The landfill in Perry County, Ala. that has been taking coal ash spilled from the failed waste pond at Tennessee Valley Authority’s Kingston plant has declared bankruptcy — a move that leaves a planned lawsuit to halt the dumping up in the air.

Arrowhead Landfill owner Perry-Uniontown Ventures I LLC, also known as Perry County Associates, filed for bankruptcy last week in Mobile, Ala., the Selma Times-Journal reports:

In court documents filed with the bankruptcy petition, Perry-Uniontown Ventures I LLC claimed two other operations, Phillips & Jordan Inc. and Phill-Con Services have withheld money paid by the TVA for accepting coal ash at the landfill located near Uniontown.

The complaint also asked for an accounting, indicating PUV did not know where the money paid by TVA for the disposal went.

Perry-Uniontown Ventures I LLC claims its three largest creditors are P&J for $3.9 million, the Perry County Commission for $779,837 and the Alabama Department of Revenue for $11,000 in sales tax.

TVA and its disposal contractor say the bankruptcy filing won’t stop ash shipments to the facility. However, the filing automatically brings a halt to a planned lawsuit aimed at stopping the dumping, since no new litigation can be brought against entities in bankruptcy proceedings.

The coal ash is currently being shipped by rail from the spill site in eastern Tennessee’s Roane County, with more than 1 million tons received to date. The U.S. Environmental Protection Agency, which is overseeing the disposal, expects 3 million of the 5 million cubic yards of ash spilled from the TVA plant to end up at the Perry County dump. The deal was among the reasons cited by environmental justice advocates calling for an investigation into the EPA’s treatment of black communities in the South.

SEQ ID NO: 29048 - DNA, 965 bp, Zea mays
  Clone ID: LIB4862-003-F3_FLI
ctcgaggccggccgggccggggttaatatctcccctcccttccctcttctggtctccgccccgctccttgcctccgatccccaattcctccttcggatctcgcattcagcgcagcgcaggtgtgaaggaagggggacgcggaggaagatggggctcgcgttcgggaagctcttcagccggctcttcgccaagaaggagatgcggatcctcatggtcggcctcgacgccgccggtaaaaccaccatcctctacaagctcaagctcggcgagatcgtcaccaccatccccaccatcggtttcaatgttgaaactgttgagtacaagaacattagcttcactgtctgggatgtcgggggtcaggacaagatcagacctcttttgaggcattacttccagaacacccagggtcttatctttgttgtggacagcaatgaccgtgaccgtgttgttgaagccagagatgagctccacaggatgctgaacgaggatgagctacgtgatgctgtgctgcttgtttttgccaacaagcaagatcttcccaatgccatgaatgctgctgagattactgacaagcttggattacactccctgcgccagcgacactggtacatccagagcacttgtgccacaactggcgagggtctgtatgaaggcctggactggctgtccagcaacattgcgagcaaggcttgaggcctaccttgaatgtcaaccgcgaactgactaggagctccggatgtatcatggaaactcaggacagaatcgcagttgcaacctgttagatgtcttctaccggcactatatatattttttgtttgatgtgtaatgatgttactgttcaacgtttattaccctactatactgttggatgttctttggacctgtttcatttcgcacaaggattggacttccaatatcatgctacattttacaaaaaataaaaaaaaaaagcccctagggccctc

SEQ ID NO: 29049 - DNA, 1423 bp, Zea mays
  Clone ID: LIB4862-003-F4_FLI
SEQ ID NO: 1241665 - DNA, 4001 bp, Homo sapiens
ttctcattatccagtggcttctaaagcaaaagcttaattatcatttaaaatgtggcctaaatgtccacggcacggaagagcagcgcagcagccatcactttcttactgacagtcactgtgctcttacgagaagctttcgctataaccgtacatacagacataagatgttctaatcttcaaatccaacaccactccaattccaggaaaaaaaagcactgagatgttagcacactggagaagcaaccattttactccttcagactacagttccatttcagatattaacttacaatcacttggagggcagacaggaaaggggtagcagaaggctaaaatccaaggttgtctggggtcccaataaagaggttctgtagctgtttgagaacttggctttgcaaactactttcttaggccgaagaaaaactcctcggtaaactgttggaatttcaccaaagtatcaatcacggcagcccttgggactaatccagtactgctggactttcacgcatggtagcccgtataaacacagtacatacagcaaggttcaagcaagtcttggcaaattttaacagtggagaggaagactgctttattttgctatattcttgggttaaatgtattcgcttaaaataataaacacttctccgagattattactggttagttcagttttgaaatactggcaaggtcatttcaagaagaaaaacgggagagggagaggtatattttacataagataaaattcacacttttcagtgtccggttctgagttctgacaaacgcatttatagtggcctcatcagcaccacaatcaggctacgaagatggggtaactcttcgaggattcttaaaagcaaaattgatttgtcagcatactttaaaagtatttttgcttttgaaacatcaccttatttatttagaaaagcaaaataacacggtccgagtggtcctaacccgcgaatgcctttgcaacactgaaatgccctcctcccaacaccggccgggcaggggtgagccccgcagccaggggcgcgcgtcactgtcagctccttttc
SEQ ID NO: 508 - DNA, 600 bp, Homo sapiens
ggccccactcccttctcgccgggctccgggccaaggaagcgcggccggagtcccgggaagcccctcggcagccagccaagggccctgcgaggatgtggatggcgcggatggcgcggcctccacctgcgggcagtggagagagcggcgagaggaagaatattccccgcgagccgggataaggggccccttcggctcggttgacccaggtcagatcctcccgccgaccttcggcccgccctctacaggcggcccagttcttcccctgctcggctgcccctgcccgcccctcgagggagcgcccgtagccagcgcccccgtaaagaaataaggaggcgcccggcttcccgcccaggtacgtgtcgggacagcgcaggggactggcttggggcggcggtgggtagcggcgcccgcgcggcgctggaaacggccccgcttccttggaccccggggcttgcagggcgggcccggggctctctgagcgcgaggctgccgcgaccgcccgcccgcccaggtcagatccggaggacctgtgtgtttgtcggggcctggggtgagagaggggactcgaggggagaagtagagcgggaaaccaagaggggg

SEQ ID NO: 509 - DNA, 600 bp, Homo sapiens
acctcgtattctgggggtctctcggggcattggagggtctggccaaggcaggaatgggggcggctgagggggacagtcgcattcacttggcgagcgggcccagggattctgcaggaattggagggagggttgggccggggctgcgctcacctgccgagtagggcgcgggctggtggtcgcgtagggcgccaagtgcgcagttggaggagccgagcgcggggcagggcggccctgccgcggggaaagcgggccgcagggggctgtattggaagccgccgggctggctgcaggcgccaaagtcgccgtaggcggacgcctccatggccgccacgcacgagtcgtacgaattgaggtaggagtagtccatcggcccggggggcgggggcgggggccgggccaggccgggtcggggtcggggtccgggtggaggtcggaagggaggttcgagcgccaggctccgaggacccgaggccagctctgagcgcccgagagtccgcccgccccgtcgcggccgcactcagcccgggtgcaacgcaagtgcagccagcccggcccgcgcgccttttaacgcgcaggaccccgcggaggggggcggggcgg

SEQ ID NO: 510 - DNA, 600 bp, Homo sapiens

Some residents of Perry County — a majority African-American Black Belt community where more than 30 percent of residents live below the poverty line — were planning to file a federal lawsuit against the facility.

David A. Ludder, an environmental attorney in Florida who has been working with about 150 Perry County residents, submitted notices of intent to sue to the landfill’s owners in December. The notices allege violations of the federal Solid Waste Disposal Act and the Clean Air Act, the Perry County Herald reports. Ludder said he’s now examining their options.

Among those who have accused the landfill of not operating safely is Hurricane Creekkeeper John Wathen, who says he’s discovered the operators dumping liquid waste into ditches along the road in front of people’s homes, the Locust Fork News-Journal reports. Nearby residents — some who live literally a stone’s throw from the dump — have also complained of foul odors.

Proponents of the dumping plan have argued that it would bring jobs to the area as well as a much-needed economic boost to the impoverished county’s coffers. Under the dumping deal, Perry County is supposed to get $1.05 for each ton of ash delivered.